Friday, June 6, 2008

the things I'll miss

Last evening I started writing down a list of everyday occurrences on my ward life that I will miss and not experience as an American nurse.
It was Thursday night, which means there was a community meeting. We always turn on the TV's and let the patients watch them. During worship, a little 1 1/2 year old male cleft lip patient, his chicken legs and diapered butt sticking out of his multi-colored gown, started dancing to the worship music. It was more like flailing. That crazy run around and just wiggle your body with a totally serious face kind of movement that small children seem to be so proficient at.

He beckoned me to join him. So I did. Together, we flailed our bodies throughout B ward.
Christian is a 10 year old who was here last year. We think his mother probably had rubella during her pregnancy and his developmental delays support this theory.

On his bedside name card, under his medical information, is the stared word "Deaf". Christian is deaf. Next to "deaf" is two large whited out blocks that use to say "and blind." Christian was blind according to last years records. However, after receiving bilateral cataract surgery, he can no see. Hence the white out.

At home I cared for a lot of developmentally delayed children and I readily admit to being bias. They are my favorites. They have the sweetest, most fun, free-est spirits. Christian fits this mold.

He is a sweetheart.

He laughed so hard when I tickled him. He jumped up into my arms and had me carry him around the ward. He enjoys being tucked in next to his mother at bedtime.

He had spent most of the day unable to eat while waiting to go to surgery. Another nurse was playing with play dough and he bent over and tried to eat it the way you'd eat a pie in a pie eating contest. His surgery was postponed and I was able to get him bread. He grabbed it from my hands and immediately started to chomp away.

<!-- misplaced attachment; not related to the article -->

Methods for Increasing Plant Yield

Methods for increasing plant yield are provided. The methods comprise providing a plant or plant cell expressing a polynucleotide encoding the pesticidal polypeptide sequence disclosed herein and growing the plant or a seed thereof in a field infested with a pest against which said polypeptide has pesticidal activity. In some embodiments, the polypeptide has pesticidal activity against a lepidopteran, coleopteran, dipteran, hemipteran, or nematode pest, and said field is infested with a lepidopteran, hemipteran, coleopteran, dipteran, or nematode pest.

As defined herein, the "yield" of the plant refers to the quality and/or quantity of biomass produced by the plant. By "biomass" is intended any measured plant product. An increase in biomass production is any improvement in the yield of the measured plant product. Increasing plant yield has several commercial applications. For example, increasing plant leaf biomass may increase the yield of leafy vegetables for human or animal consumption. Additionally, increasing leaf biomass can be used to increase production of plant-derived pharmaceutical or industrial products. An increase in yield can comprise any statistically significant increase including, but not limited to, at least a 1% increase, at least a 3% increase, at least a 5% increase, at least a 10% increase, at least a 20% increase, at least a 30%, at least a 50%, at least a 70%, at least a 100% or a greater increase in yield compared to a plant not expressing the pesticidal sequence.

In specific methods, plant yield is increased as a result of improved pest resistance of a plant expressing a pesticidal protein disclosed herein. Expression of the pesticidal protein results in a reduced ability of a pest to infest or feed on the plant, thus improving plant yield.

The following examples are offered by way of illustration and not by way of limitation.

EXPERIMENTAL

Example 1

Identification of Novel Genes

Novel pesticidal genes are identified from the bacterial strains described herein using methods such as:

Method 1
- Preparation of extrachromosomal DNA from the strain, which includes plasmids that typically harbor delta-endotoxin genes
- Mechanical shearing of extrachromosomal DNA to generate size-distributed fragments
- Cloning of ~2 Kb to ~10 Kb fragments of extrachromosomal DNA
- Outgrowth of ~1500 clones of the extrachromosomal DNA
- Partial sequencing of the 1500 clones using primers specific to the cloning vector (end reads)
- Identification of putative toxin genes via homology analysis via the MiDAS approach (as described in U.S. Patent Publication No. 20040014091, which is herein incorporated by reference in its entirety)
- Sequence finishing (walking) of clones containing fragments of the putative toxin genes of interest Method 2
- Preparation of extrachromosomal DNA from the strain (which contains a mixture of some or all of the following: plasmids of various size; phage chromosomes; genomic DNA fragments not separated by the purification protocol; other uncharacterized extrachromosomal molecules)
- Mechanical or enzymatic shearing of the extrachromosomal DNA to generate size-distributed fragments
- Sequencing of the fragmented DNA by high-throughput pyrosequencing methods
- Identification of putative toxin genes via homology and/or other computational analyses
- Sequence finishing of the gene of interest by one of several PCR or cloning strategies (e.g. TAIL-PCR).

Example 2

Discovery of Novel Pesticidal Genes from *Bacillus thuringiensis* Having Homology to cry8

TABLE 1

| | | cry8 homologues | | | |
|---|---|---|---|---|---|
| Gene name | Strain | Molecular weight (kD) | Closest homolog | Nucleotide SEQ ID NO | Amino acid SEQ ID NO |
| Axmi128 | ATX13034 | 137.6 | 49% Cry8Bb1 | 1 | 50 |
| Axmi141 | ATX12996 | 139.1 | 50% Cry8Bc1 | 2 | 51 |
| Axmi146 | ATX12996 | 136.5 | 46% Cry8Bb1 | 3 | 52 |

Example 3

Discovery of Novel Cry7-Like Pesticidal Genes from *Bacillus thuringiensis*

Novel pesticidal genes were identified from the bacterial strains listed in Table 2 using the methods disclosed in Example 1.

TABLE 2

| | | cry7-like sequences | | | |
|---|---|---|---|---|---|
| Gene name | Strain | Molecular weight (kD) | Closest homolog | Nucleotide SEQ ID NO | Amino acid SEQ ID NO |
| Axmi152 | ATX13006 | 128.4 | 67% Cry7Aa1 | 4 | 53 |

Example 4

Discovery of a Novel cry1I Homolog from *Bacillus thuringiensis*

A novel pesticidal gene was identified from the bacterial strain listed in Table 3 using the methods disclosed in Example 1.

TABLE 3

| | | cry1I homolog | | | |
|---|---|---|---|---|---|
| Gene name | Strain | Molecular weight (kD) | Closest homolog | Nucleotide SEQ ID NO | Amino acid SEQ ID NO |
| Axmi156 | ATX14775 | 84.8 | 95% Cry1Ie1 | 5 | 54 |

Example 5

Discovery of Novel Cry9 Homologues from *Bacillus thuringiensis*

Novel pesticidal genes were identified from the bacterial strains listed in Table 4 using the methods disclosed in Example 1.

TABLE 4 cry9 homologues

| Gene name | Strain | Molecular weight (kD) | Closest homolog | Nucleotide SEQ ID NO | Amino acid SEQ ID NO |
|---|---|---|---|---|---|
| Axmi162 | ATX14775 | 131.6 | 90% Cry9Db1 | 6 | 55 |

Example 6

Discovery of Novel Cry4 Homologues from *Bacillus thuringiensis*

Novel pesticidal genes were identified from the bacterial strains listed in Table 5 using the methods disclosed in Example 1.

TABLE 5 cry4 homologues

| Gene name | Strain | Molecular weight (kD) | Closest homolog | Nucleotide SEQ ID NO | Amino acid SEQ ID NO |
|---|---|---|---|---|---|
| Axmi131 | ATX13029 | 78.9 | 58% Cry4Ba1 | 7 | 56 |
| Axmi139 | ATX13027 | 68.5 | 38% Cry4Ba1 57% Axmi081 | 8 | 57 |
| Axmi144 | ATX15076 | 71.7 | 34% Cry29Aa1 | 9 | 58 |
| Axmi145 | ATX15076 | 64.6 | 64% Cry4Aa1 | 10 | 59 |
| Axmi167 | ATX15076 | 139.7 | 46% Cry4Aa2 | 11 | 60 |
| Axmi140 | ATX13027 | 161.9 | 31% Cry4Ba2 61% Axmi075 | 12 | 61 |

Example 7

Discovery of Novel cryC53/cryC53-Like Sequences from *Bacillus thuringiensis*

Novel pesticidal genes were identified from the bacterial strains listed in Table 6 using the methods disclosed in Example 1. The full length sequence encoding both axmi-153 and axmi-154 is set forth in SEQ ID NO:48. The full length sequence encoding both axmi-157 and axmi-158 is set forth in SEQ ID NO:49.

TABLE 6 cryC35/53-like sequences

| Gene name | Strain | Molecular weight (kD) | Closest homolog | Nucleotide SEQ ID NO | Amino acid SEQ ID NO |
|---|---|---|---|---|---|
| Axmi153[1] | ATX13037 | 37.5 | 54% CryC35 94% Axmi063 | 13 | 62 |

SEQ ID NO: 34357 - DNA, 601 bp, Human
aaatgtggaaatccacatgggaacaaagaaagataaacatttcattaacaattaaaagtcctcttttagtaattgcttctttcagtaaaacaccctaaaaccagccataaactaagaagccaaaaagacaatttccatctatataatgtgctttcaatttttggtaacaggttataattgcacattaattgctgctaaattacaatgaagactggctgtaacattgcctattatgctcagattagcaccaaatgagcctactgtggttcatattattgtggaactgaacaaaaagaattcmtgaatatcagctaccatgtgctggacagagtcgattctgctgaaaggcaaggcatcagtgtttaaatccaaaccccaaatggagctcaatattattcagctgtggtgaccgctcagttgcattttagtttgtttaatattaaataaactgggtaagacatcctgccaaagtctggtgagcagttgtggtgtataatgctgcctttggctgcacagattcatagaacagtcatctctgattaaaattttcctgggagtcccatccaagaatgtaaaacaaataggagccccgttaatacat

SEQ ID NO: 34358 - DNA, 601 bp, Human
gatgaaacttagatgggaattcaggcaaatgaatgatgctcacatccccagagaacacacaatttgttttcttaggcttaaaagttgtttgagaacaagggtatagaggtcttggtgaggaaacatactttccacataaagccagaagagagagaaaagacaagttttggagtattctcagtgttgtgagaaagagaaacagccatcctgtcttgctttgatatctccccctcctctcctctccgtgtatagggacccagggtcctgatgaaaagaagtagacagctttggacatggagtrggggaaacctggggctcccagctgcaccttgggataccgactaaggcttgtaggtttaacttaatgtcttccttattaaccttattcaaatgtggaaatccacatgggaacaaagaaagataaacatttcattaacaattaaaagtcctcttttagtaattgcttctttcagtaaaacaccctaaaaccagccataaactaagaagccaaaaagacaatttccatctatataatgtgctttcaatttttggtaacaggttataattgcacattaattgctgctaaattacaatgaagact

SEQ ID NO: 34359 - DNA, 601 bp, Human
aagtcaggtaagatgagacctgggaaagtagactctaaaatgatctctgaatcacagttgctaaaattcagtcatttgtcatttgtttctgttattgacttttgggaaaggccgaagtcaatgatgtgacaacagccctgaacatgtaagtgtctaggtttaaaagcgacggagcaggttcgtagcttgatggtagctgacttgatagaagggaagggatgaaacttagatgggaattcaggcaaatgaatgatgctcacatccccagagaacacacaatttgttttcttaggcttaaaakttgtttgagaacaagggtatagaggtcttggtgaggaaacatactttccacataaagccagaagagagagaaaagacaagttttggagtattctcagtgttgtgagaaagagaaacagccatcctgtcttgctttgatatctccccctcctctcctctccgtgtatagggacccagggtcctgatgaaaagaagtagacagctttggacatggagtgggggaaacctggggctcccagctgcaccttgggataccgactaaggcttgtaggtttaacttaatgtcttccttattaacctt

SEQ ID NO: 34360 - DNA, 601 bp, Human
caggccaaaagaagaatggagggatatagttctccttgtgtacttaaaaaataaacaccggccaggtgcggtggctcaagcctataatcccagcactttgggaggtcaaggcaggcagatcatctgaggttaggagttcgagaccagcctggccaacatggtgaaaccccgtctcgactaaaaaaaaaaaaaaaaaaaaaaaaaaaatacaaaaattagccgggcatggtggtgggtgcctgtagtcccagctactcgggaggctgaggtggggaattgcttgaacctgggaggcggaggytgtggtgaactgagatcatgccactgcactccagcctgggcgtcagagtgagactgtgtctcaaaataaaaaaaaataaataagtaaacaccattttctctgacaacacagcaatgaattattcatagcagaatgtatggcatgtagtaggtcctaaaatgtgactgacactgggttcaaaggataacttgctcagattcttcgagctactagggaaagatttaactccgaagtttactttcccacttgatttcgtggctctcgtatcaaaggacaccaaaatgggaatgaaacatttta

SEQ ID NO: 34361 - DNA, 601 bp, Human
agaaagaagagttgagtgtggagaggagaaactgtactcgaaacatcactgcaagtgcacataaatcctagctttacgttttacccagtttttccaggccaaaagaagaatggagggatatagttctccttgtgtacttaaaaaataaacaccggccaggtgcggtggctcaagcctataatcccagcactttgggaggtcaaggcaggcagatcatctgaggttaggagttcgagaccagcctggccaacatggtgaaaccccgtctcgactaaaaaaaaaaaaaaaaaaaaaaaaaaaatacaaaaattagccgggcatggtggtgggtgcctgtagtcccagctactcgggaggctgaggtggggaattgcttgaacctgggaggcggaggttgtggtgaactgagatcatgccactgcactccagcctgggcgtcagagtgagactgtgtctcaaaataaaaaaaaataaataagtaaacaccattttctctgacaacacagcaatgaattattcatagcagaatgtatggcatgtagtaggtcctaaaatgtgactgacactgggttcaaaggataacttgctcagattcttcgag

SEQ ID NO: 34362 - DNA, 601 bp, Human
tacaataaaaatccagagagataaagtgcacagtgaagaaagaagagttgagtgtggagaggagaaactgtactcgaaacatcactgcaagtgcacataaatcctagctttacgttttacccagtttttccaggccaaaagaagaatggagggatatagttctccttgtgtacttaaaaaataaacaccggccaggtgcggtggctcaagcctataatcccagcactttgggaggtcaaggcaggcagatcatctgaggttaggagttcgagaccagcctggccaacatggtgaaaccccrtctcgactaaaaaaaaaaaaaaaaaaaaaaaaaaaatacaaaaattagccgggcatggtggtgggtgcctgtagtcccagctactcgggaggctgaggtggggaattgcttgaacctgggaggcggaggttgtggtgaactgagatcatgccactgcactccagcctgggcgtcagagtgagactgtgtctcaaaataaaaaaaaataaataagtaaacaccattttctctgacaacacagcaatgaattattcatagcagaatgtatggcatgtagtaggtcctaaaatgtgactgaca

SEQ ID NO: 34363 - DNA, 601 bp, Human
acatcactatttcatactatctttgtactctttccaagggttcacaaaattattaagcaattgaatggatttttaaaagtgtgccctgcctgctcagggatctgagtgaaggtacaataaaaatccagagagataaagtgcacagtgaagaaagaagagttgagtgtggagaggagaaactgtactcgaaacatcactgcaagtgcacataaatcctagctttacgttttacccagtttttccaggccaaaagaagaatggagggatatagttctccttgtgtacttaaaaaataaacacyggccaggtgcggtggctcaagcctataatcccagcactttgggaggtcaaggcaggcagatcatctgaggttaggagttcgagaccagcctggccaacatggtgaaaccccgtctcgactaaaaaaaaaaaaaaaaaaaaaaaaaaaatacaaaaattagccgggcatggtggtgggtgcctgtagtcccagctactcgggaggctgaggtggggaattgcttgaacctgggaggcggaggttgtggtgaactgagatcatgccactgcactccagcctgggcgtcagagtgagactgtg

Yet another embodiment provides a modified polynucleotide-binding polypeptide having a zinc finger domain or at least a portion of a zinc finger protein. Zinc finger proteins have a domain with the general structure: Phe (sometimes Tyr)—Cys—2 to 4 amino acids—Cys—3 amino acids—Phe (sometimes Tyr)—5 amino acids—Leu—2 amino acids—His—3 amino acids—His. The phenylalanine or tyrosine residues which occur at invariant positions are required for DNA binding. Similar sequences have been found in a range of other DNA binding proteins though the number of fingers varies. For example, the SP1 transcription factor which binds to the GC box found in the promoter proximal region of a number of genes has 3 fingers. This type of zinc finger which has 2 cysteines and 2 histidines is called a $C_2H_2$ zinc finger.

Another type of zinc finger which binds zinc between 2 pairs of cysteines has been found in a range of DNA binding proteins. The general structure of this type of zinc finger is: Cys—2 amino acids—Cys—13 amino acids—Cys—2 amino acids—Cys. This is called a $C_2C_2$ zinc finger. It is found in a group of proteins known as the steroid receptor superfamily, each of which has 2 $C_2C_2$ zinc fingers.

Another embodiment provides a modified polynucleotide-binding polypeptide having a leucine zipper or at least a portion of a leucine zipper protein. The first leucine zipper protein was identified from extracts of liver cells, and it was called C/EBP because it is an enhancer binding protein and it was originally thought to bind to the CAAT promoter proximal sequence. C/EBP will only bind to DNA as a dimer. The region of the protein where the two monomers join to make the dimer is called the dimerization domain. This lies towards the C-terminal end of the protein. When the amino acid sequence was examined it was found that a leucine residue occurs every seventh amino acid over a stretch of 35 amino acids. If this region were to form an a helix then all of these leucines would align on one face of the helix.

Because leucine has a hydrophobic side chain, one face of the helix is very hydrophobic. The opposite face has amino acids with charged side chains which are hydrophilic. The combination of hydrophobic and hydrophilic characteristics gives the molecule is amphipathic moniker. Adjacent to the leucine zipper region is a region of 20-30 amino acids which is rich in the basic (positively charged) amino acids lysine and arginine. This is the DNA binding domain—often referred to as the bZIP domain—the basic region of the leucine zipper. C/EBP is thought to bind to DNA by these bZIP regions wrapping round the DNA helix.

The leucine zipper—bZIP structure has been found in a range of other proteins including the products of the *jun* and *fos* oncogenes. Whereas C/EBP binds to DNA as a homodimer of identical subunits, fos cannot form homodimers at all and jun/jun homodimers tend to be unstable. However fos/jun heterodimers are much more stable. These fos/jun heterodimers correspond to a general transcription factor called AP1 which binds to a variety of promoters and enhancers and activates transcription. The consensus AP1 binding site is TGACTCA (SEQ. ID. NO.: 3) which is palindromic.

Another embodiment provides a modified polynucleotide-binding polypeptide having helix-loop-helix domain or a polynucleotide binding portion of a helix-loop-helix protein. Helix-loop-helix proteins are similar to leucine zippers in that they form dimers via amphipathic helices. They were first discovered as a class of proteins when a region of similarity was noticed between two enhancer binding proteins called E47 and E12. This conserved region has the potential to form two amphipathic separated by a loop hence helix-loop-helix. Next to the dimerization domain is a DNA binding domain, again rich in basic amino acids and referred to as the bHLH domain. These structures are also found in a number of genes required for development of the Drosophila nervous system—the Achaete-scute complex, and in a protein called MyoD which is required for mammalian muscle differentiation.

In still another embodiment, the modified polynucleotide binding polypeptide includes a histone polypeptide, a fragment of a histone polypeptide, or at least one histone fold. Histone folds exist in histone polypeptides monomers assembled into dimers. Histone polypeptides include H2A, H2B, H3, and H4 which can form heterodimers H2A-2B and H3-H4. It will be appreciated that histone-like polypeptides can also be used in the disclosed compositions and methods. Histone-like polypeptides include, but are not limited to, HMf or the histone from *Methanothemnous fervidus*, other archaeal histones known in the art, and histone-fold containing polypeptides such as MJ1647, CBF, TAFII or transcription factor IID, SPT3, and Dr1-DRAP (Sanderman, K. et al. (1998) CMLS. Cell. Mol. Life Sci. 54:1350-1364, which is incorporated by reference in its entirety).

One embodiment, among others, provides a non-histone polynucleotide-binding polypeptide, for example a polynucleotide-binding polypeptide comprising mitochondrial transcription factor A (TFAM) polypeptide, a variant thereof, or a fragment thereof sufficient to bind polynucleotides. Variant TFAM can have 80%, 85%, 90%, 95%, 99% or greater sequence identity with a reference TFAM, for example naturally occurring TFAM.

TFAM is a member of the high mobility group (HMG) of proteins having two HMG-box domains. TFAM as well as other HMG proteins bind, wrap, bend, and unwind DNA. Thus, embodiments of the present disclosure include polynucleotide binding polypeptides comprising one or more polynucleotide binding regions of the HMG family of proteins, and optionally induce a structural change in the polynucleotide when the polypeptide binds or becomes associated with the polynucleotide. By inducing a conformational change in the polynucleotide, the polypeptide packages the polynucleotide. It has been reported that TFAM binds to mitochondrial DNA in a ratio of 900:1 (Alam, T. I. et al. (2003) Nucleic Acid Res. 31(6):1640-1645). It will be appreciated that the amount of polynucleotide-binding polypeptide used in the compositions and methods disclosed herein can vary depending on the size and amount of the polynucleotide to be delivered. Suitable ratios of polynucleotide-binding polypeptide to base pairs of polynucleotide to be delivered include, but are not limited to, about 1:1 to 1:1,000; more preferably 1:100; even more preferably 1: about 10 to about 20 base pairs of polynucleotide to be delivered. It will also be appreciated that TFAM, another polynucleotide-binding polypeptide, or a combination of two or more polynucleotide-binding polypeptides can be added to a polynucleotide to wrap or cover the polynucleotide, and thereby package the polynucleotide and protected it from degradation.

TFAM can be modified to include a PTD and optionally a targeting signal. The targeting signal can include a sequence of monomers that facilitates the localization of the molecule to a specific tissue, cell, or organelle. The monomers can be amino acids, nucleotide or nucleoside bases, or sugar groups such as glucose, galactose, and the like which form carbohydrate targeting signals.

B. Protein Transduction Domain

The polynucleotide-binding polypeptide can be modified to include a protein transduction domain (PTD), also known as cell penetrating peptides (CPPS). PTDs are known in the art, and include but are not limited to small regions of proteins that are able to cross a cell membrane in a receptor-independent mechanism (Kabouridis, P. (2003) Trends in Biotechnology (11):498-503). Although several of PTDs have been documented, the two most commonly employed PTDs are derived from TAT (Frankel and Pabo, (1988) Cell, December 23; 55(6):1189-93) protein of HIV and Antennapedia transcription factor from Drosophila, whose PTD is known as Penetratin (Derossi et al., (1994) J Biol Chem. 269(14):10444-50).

I really like Christian.
Baby Rosseta, five months, belongs to Felcicia in bed 16. Felecia had an operation on her face after having Noma. We may never let her leave so we can indefinitely keep Rosseta on the ward.

No one has ever heard Rosseta cry. She has a tiny little afro and small pierced ears and feels like a doll when you hold her. We all pass her around. Nurses, translators, even patients visitors. Everyone wants to hold Rosetta and Felicia is very generous with her.

Last night Felicia was my patient which made me responsible for Rosseta. Not wanting to neglect my responsibilities I spent as much time as possible with her in my arms.

I was holding her at the end of the shift and she fell asleep in my arms. Of course, being my responsible self, that necessitated my holding her for the entire 1/2 I gave report. You don't want to wake a sleeping baby. It was enough to make even a hardened cynic claim a maternal instinct.

I was telling someone today I really don't know what I am going to do when I can't walk down the hall and get my beautiful-child-holding fix.

I'm guessing some serious withdrawal.
Bed 10 was crying. Not because of pain. Not because of anxiety. Not because his mother was gone.

He wanted rice. Everyone else had rice, but he could not have any because he recently had cleft lip surgery.

I know how it feels; I use to hate it when my mom wouldn't give me rice.

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